Flood Resilience Research — Collaboration with Zurich Insurance


PI/Project contact

  • Jeff Czajkowski

Project members

  • Howard Kunreuther
  • Ajita Atreya
  • Wouter Botzen
  • Karen Campbell
  • Ben Collier
  • Jeff Czajkowski
  • Erwann Michel-Kerjan
  • Marilyn Montgomery
  • Gina Tonn

Project description

The Wharton Risk Center has joined with the Zurich Insurance Group (Zurich) and other partners to develop key initiatives and research focused on flood resilience. Funding for this initiative is provided by the Z Zurich Foundation.  This unique interdisciplinary approach will broaden the scope of current flood resilience research, providing extraordinary opportunities to advance global understanding of flood impact, risk reduction, financial protection, and community resilience.

Project metrics


Flood Resilience Portal

The Flood Resilience Portal is the website of the Zurich Flood Resilience Program.  Check in for posts and reports of activities from the program, share your resources or submit a question.  Email: info@floodresilience.net

Interactive Flood Insurance Map

Countries around the world are considering national flood insurance solutions. Insurers are fully involved in these discussions, either because they cover the risk, partner with the national government in various capacities, or because they are contemplating market opportunities.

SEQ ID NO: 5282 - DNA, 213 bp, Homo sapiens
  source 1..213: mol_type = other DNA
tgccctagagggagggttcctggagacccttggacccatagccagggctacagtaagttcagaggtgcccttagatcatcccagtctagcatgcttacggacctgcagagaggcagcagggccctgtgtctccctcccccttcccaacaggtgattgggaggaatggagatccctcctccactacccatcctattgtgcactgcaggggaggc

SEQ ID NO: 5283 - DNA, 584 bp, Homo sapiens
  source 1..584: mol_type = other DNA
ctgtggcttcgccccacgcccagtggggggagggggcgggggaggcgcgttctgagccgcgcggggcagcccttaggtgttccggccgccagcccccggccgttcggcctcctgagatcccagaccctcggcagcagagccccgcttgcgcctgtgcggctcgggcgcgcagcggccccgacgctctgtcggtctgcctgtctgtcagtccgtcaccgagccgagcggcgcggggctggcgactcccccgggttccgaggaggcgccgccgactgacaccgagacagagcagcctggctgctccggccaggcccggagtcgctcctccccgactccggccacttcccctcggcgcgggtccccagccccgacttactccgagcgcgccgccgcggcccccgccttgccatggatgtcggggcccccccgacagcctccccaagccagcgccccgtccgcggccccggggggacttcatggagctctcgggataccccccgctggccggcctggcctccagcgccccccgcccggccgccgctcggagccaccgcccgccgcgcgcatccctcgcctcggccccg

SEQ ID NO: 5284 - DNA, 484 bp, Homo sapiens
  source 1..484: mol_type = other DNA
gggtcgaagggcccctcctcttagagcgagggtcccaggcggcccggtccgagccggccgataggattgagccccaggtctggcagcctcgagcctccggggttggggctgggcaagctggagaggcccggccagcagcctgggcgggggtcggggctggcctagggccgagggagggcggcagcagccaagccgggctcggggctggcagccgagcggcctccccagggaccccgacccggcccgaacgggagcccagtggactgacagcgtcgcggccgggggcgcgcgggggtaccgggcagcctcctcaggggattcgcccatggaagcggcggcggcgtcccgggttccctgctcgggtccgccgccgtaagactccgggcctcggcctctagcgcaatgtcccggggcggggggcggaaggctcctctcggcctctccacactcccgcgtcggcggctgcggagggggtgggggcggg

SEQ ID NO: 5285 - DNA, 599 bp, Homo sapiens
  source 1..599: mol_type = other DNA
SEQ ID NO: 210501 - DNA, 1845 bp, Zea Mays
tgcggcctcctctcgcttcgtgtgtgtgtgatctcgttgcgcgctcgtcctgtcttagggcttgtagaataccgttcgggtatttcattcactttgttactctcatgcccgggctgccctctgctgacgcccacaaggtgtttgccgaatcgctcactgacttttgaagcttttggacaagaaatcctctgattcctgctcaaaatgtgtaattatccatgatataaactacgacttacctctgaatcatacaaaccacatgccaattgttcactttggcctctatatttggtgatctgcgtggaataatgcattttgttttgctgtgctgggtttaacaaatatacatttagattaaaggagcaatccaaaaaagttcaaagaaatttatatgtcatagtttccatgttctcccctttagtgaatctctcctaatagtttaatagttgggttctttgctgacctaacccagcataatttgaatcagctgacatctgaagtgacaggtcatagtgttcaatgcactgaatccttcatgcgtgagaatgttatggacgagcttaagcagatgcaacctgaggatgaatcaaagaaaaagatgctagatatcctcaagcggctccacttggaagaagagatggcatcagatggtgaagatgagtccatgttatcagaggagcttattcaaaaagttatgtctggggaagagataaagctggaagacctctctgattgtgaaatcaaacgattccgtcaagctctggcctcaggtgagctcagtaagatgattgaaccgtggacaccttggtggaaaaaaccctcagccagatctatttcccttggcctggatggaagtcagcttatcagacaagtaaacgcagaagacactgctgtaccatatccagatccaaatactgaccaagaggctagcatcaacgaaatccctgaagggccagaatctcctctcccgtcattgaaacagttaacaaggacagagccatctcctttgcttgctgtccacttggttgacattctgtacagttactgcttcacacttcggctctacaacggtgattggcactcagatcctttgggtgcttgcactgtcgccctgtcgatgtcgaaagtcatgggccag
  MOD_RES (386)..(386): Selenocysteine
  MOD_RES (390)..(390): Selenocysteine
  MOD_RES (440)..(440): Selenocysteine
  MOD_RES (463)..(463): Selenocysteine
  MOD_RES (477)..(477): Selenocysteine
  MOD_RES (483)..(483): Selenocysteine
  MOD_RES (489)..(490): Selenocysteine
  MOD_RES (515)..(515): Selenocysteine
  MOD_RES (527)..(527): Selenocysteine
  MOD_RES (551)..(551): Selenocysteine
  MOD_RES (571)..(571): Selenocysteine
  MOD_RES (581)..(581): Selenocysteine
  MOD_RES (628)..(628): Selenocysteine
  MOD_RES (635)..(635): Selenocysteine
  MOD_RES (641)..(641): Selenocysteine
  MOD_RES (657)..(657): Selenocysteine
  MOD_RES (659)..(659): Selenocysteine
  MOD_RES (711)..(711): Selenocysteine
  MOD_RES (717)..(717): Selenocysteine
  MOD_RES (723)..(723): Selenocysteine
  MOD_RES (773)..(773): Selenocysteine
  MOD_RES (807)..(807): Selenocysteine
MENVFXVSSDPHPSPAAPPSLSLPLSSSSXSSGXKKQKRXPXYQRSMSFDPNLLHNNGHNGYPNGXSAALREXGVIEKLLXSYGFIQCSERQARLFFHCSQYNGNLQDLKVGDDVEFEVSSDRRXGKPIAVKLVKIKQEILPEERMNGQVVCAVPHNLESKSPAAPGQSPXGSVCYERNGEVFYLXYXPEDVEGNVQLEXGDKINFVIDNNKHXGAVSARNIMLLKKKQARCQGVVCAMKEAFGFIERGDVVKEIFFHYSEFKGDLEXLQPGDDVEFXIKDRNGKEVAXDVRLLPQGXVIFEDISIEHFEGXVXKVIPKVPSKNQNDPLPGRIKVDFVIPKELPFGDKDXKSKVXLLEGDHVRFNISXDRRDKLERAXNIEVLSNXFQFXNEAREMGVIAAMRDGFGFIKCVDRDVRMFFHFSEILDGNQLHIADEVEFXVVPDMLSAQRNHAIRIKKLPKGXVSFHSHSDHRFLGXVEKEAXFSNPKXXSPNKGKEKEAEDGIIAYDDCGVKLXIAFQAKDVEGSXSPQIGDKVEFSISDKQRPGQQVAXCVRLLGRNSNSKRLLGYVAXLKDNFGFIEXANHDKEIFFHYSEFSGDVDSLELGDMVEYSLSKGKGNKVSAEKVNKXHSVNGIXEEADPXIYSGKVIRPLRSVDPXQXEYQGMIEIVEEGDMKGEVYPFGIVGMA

The Wharton Risk Center has developed an interactive flood insurance market e-platform to analyze residential flood insurance markets around the world. We hope interested parties will provide additional information so that we can add more detail to this international comparison. Browse and query these maps.


  • Pre-event financial protection is key to flood recovery. This policy brief highlights financial capital as a key factor in building flood resilience. In particular, access to pre-event financial protection against flood-related disasters is a vital component. Solutions range from insurance and micro-insurance to pre-arranged post-disaster lines of credit and dedicated government relief programs. Implementation of these solutions should allow for further community resilience investment.
  • Development and testing of a community flood resilience measurement tool  (June 2016, 39 pages.) Given the increased attention on resilience-strengthening in international humanitarian and development work, there is a growing need to invest in its measurement and the overall accountability of “resilience strengthening” initiatives. We present a framework and tool for measuring community level resilience to flooding, built around the five capitals (5Cs) of the Sustainable Livelihoods Framework. At the time of writing the tool is being tested in 75 communities across 10 countries. Currently 88 potential sources of resilience are measured at the baseline (initial state) and endline (final state) approximately two years later. If a flood occurs in the community during the study period, resilience outcome measures are recorded. By comparing pre-flood characteristics to post flood outcomes, we aim to empirically verify sources of resilience, something which has never been done in this field. There is an urgent need for the continued development of theoretically anchored, empirically verified and practically applicable disaster resilience measurement frameworks and tools so that the field may: a) deepen understanding of the key components of ‘disaster resilience’ in order to better target resilience enhancing initiatives, and b) enhance our ability to benchmark and measure disaster resilience over time, and compare how resilience changes as a result of different capacities, actions and hazards.